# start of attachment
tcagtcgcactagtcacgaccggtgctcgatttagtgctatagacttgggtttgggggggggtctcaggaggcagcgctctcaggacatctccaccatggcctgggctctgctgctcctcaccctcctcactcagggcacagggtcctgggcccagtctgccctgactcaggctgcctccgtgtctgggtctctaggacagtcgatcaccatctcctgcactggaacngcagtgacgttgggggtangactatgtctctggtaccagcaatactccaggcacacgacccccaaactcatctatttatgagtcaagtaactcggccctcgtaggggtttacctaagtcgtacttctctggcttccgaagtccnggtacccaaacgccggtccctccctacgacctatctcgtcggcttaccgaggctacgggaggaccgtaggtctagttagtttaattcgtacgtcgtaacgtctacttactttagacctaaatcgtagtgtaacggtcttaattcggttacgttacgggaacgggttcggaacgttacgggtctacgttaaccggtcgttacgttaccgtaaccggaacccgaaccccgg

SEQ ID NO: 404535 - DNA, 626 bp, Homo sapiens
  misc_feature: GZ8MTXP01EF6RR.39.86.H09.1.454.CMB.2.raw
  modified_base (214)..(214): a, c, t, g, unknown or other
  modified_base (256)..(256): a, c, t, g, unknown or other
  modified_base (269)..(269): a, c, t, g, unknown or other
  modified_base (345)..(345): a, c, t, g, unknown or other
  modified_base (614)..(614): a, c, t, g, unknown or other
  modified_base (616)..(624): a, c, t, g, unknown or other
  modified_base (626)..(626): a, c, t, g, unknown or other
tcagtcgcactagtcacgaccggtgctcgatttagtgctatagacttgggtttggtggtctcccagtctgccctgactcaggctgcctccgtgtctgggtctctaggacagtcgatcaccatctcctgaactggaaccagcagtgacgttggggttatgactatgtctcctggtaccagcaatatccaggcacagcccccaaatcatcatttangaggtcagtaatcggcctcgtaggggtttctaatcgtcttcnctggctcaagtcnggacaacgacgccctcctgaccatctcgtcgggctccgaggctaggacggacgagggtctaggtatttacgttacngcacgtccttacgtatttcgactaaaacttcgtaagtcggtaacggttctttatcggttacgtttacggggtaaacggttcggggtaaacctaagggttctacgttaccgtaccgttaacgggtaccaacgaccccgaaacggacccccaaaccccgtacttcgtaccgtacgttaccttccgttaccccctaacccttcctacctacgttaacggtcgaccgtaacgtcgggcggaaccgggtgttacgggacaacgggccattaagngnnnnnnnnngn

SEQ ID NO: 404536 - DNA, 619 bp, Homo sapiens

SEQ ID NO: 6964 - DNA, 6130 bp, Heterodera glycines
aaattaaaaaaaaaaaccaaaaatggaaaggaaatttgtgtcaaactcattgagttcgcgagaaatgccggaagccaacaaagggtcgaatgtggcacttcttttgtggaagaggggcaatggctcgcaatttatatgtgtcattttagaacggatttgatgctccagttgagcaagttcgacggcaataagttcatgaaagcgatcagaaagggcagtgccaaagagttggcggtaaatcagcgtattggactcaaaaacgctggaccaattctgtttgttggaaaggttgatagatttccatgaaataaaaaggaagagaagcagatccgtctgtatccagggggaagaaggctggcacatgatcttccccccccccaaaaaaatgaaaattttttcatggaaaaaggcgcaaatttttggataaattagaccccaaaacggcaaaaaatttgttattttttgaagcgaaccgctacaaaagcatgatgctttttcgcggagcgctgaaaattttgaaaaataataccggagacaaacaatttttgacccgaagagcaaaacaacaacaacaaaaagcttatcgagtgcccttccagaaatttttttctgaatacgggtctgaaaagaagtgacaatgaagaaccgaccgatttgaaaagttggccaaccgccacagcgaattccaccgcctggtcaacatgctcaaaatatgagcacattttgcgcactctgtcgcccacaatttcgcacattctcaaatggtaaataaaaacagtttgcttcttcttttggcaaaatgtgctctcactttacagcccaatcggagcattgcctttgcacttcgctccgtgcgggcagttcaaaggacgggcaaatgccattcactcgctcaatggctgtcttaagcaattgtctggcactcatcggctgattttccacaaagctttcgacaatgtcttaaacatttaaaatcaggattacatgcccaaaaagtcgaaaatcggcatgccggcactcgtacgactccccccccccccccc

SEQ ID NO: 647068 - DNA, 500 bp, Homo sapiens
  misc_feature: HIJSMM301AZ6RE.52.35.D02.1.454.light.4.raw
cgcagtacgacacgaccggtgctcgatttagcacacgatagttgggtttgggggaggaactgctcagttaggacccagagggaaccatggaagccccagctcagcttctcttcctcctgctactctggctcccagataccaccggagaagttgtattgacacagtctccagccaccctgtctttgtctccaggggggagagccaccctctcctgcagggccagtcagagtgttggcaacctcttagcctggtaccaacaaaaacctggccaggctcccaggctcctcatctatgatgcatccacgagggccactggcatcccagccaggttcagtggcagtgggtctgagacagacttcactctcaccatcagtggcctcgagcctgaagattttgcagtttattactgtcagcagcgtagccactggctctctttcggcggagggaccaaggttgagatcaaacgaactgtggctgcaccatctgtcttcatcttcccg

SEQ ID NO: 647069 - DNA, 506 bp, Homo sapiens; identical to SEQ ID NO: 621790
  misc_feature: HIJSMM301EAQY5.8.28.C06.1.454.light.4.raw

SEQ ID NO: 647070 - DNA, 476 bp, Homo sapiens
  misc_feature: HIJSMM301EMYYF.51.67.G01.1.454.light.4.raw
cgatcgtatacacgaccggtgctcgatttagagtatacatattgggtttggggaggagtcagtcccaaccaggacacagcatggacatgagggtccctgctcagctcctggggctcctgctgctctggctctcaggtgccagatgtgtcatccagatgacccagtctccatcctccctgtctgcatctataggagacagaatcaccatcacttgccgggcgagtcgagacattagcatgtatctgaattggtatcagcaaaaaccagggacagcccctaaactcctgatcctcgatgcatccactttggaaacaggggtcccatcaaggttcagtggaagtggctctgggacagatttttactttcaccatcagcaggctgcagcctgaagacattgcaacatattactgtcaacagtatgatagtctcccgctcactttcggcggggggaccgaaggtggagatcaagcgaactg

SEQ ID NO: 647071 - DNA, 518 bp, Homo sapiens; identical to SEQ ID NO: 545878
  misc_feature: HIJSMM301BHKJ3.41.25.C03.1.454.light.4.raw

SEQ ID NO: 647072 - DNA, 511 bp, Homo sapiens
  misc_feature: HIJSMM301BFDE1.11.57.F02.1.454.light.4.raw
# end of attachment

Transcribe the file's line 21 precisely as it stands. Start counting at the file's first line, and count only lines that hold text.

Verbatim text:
  misc_feature: HIJSMM301EMYYF.51.67.G01.1.454.light.4.raw